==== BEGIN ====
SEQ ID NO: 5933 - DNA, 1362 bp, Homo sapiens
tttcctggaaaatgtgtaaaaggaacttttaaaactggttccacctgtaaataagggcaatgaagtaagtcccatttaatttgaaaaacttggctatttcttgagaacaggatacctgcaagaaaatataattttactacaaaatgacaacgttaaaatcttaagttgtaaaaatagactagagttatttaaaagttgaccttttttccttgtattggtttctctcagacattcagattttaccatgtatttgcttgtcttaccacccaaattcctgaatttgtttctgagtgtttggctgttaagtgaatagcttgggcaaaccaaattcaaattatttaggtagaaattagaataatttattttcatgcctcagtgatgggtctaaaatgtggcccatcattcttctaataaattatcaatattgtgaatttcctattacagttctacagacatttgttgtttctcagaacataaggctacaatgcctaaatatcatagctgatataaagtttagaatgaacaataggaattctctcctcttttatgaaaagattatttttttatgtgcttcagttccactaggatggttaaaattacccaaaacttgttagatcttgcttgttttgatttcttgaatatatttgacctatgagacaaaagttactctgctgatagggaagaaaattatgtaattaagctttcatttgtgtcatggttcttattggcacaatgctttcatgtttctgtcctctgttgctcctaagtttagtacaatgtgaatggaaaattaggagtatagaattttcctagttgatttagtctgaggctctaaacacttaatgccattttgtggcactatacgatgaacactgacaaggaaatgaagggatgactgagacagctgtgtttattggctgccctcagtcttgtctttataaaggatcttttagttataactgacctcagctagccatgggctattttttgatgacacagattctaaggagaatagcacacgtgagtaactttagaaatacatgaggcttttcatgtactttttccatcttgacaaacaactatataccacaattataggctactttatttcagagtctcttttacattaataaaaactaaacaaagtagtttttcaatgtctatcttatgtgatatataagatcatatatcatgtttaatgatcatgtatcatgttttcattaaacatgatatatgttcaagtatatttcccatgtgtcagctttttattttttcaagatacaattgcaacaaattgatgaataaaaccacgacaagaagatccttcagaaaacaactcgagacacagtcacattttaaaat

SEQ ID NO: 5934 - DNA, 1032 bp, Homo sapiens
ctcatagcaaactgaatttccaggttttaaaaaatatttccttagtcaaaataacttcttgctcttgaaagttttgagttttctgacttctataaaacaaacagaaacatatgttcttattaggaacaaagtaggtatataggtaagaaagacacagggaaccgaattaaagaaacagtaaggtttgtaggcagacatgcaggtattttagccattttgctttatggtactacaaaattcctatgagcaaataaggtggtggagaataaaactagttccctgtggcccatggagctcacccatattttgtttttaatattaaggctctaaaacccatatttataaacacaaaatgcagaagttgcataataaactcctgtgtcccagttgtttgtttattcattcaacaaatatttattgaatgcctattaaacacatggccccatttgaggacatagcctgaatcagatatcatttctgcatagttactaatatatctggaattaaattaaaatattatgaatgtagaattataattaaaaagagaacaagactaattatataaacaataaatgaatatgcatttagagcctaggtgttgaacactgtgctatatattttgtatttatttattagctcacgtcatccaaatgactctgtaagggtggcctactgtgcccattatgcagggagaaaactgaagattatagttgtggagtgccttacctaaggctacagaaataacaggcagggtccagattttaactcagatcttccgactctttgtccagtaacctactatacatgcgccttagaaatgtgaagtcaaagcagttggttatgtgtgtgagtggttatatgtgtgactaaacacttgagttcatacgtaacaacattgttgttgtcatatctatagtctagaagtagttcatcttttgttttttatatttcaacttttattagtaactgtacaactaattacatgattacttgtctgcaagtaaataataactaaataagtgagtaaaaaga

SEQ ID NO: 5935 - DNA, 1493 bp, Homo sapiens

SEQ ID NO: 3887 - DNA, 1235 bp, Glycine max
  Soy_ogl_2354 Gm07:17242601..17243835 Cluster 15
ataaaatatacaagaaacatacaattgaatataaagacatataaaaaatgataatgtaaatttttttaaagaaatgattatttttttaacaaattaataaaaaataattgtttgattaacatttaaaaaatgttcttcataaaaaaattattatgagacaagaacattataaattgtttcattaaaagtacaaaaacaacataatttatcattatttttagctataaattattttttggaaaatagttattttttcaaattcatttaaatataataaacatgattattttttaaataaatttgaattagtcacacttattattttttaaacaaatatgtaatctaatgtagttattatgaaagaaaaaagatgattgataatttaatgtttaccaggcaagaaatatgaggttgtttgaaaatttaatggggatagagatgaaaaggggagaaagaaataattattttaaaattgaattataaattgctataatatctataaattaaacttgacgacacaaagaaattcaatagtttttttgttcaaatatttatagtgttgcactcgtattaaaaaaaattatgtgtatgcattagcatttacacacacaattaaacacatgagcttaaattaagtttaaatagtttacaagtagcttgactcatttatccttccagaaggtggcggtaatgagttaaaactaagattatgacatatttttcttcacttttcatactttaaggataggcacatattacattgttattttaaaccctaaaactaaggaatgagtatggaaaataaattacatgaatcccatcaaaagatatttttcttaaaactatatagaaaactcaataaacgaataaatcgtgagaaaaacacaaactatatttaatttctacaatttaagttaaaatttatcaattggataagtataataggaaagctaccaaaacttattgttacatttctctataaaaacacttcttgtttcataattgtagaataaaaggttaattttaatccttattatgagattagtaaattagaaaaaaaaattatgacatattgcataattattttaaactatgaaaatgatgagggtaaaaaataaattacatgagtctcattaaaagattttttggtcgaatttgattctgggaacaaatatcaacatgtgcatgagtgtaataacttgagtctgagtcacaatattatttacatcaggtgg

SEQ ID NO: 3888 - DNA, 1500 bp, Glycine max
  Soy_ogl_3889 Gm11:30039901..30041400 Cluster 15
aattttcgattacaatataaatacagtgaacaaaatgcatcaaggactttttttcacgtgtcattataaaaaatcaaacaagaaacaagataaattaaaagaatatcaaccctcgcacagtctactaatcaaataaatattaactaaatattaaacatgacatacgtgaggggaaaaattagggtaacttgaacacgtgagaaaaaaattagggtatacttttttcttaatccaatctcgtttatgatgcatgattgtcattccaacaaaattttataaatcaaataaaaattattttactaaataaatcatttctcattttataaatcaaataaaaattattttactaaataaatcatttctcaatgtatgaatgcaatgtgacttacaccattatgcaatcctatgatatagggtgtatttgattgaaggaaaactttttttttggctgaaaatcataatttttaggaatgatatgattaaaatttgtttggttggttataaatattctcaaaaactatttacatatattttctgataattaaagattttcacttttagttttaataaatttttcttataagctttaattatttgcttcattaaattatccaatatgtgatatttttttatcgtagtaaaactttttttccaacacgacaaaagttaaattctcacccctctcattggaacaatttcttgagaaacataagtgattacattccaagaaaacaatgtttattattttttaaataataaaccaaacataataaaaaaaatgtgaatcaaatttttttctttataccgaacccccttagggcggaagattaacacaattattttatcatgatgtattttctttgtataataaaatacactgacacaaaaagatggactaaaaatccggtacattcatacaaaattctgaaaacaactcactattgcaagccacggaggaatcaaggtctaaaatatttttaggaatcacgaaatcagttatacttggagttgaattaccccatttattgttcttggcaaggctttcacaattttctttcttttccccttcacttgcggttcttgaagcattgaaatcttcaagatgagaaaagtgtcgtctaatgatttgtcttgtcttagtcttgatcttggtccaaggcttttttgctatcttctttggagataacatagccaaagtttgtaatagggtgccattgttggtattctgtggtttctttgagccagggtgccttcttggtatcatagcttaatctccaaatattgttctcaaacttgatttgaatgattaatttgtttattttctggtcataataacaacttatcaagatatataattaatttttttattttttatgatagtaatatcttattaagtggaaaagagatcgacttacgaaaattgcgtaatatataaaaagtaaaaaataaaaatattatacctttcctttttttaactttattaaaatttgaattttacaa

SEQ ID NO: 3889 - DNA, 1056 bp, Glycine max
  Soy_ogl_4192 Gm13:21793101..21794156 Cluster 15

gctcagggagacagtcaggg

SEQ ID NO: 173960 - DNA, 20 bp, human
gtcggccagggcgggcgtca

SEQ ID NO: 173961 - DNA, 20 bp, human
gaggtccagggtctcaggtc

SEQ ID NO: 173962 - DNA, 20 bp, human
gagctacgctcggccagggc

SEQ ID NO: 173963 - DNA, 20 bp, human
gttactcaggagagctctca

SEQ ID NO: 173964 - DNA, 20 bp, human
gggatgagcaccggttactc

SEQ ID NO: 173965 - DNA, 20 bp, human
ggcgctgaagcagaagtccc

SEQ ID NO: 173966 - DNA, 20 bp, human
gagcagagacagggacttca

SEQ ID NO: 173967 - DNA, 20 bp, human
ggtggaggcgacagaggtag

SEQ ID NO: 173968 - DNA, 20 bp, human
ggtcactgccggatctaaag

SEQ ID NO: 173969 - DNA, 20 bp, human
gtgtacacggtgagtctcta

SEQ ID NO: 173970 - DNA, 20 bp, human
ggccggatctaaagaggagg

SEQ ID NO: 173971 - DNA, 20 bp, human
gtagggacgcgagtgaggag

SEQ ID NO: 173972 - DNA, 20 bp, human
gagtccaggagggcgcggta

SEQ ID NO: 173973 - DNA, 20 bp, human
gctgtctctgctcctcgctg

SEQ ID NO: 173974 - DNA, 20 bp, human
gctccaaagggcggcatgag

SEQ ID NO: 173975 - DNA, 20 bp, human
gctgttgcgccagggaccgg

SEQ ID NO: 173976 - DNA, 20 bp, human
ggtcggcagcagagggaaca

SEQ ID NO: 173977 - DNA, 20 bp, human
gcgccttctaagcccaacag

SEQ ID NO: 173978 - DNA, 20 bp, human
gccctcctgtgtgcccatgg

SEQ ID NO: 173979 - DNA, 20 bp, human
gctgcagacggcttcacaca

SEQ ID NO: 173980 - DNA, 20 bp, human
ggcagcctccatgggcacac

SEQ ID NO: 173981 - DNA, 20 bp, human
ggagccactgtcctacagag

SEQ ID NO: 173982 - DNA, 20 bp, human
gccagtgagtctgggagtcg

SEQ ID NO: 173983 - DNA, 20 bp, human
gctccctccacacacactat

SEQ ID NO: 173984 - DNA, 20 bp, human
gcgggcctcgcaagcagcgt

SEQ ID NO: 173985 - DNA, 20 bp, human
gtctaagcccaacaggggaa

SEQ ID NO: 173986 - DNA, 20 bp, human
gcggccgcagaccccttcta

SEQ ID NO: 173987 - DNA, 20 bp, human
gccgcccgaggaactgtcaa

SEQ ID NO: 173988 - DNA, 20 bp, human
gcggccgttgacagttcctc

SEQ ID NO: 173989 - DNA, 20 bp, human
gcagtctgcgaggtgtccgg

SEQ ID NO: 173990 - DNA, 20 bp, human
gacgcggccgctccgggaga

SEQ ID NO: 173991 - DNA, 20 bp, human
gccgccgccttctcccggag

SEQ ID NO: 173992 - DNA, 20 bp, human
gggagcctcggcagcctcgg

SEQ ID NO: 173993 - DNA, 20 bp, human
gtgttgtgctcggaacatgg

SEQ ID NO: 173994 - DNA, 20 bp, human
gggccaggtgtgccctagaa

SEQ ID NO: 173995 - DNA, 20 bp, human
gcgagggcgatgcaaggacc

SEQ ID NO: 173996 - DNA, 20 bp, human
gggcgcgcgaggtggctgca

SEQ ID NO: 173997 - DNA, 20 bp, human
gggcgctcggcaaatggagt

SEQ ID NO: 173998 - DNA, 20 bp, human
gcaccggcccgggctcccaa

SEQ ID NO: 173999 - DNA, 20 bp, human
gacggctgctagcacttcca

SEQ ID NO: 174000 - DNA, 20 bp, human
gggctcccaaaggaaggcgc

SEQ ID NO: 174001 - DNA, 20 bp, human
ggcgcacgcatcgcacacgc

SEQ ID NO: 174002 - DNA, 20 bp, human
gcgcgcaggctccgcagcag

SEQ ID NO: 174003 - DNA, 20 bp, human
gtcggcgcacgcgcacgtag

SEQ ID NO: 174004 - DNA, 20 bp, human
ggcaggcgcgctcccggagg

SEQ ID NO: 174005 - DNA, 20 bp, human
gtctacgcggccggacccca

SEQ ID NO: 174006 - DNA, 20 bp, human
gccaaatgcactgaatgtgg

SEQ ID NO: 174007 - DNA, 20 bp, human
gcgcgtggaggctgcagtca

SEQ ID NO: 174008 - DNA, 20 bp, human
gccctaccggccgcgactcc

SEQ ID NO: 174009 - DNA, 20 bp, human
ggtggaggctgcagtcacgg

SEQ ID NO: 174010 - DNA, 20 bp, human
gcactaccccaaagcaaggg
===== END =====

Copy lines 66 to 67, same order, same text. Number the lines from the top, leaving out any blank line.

gtctaagcccaacaggggaa

SEQ ID NO: 173986 - DNA, 20 bp, human